Rassie lies fifth of seven … but there’s hope

2018-11-29 15:00
Rassie Erasmus (Gallo Images)
Rassie Erasmus (Gallo Images)

Cape Town - It might be said, at least as far as the Springboks are traditionally concerned, that the last full calendar year ahead of a World Cup one tells you both a lot and nothing at all in yardstick terms.

The season involving RWC as its key focus tends to be a reasonably curtailed one in the lead-up, featuring fewer Tests than usual, so it is understandable that the fuller-roster, preceding year is leaned on quite heavily for pointers to how a specific team will fare at the loftiest event of them all.

The maiden season of Rassie Erasmus’s tenure has also been the one immediately ahead of RWC 2019 in Japan, and his 2018 win record of smack on 50 percent (seven victories, seven losses) demonstrates one reasonably obvious thing at this point: the Boks are not among the hottest of favourites for the Webb Ellis Cup.

A study of records of all the Bok coaching regimes in the full year preceding World Cup ones tells you that Erasmus places an unflattering fifth, among seven, for win percentages.

One of those coaches is more accurately a pairing, as Ian McIntosh and successor Kitch Christie both contributed to the 1994 calendar year before the never-to-be-forgotten RWC events of 1995.

Leader of the pack by some distance is Nick Mallett, whose record-setting Boks of 1998 won 11 of 12 Tests, giving him a stellar figure of 91.66 percent as his charges dispersed for a well-deserved summer break ahead of the World Cup-geared demands of the following year.

His side had won 11 on the trot in 1998 (don’t forget the head of steam they’d already built in late 1997) before finally succumbing in the very last assignment of ’98, losing 13-7 to England at Twickenham.

Next comes the never properly appreciated - at least that’s my un-budging view - Heyneke Meyer, who provided plenty of hope for a prosperous 2015 World Cup in the United Kingdom with a 2014 record of 69.23 percent – nine wins from 13 Test matches.

His only blemishes that year were the two away Tests against New Zealand and Australia, hardly the first time that has occurred for South Africa, and losses against Ireland and Wales on a four-game European tour that snapped his clean-sweep record on the equivalent treks of 2012 and 2013.

Both Peter de Villiers and the McIntosh/Christie combo also eclipsed incumbent Erasmus for performance levels in the calendar year preceding RWC ones.

“Div” had a 2010 year that featured eight triumphs in 14 Tests (57.14 percent): again the negative column was dominated by five of the six losses coming against either of the All Blacks or Australia alone.

Just behind him, McIntosh/Christie earned five wins from nine Tests in 1994, for a figure of 55.56 percent ahead of the massive demands of ’95.

The only two coaches to lie behind Erasmus in this particular statistical exercise are Rudolf Straeuli and Jake White.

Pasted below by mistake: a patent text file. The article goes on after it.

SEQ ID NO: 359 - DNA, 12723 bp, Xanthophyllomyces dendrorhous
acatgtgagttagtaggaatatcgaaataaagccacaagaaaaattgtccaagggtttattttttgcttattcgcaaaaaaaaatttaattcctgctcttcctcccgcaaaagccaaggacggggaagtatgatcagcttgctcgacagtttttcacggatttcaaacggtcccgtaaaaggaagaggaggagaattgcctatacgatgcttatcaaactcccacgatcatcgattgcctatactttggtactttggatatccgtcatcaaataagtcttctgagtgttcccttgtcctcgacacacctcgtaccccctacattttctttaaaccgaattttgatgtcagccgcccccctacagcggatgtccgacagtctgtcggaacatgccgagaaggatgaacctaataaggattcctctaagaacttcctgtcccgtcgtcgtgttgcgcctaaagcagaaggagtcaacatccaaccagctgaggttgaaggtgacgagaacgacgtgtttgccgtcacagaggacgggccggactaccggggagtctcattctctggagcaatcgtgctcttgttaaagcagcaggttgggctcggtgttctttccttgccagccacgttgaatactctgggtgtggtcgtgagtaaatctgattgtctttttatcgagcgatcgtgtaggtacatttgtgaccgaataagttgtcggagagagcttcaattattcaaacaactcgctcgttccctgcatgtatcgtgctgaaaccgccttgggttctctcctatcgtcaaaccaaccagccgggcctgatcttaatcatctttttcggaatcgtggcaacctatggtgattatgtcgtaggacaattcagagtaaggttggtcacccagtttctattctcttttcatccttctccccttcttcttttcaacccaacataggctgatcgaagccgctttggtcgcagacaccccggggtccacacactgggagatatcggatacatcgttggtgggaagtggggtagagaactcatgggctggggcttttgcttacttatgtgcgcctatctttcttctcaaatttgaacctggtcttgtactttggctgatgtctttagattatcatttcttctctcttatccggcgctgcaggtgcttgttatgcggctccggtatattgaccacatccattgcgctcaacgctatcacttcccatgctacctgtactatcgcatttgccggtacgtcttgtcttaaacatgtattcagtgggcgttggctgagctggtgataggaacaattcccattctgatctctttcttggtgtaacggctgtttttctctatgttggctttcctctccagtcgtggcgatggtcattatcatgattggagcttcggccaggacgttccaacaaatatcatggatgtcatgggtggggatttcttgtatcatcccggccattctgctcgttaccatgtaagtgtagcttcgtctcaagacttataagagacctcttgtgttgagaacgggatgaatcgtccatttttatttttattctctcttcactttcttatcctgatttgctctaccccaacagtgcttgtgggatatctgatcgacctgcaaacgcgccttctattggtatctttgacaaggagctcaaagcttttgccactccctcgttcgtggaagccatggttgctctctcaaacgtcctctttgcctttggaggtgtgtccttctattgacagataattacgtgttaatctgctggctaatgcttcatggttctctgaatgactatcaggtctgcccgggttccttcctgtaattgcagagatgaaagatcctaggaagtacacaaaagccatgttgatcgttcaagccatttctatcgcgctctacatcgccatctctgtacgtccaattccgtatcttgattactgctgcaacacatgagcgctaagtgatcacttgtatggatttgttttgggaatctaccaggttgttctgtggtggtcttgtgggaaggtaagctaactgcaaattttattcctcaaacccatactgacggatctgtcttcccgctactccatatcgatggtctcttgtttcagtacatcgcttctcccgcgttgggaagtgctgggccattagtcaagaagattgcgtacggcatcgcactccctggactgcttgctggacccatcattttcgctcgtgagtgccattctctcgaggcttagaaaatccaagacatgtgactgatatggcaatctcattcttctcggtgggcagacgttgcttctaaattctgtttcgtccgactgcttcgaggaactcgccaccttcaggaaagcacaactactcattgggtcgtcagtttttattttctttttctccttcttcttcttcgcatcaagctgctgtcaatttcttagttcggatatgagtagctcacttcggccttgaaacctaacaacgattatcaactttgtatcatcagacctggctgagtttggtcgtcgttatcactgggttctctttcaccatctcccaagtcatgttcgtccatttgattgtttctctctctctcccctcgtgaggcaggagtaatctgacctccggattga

Straeuli’s bumpy 2002, before the Aussie-staged World Cup year of 2003, saw him earn five wins and six reverses from 11 Tests (45.45 percent), hardly helped by a nightmare end-of-year tour where his charges came home 0/3, including that 53-3 headless-chicken embarrassment against England at Twickenham.

Bringing up the rear, then, is White who, in 2006, showed precious few signs of mounting a credible assault on RWC 2007 in France: he won only five of 12 Tests that year (41.66 percent).

Included in the loss column were two of three encounters with each of New Zealand and Australia (including the unpalatable 0-49 in Brisbane) and a 36-26 comeuppance from France at Newlands.

But if Erasmus looks on reasonably precarious ground right now - based strictly on 2018 win/loss showing - for his crack at World Cup 2019, it needs to be borne rather spiritedly in mind that wooden-spoonist White, who came within a whisker of the chop in the lead-up to RWC 2007, went on to mastermind South Africa’s second successful grabbing of the premier crown in rugby just a few months up the drag.

And would we all be in agreement that public sentiment around the current, slowly regrouping Springboks isn’t as bad as it was when they shut the books on 2006?

Here is the list of Bok records for performances in full last year preceding a World Cup one:

1994 (Ian McIntosh/Kitch Christie):

P9 W5 D1 L3 - win percentage 55.56.

World Cup the next year: Winners

1998 (Nick Mallett):

P12 W11 D0 L1 - win percentage 91.66

World Cup the next year: Losing semi-finalists, bronze medal

2002 (Rudolf Straeuli):

P11 W5 D0 L6 - win percentage 45.45

World Cup the next year: Losing quarter-finalists

2006 (Jake White):

P12 W5 D0 L7 - win percentage 41.66

World Cup the next year: Winners

2010 (Peter de Villiers):

P14 W8 D0 L6 - win percentage 57.14

World Cup the next year: Losing quarter-finalists

2014 (Heyneke Meyer):

P13 W9 D0 L4 - win percentage 69.23

World Cup the next year: Losing semi-finalists, bronze medal

2018 (Rassie Erasmus):

P14 W7 D0 L7 - win percentage 50.00

World Cup the next year: to be decided

*Follow our chief writer on Twitter: @RobHouwing

Read more on:    springboks  |  rassie erasmus  |  rugby


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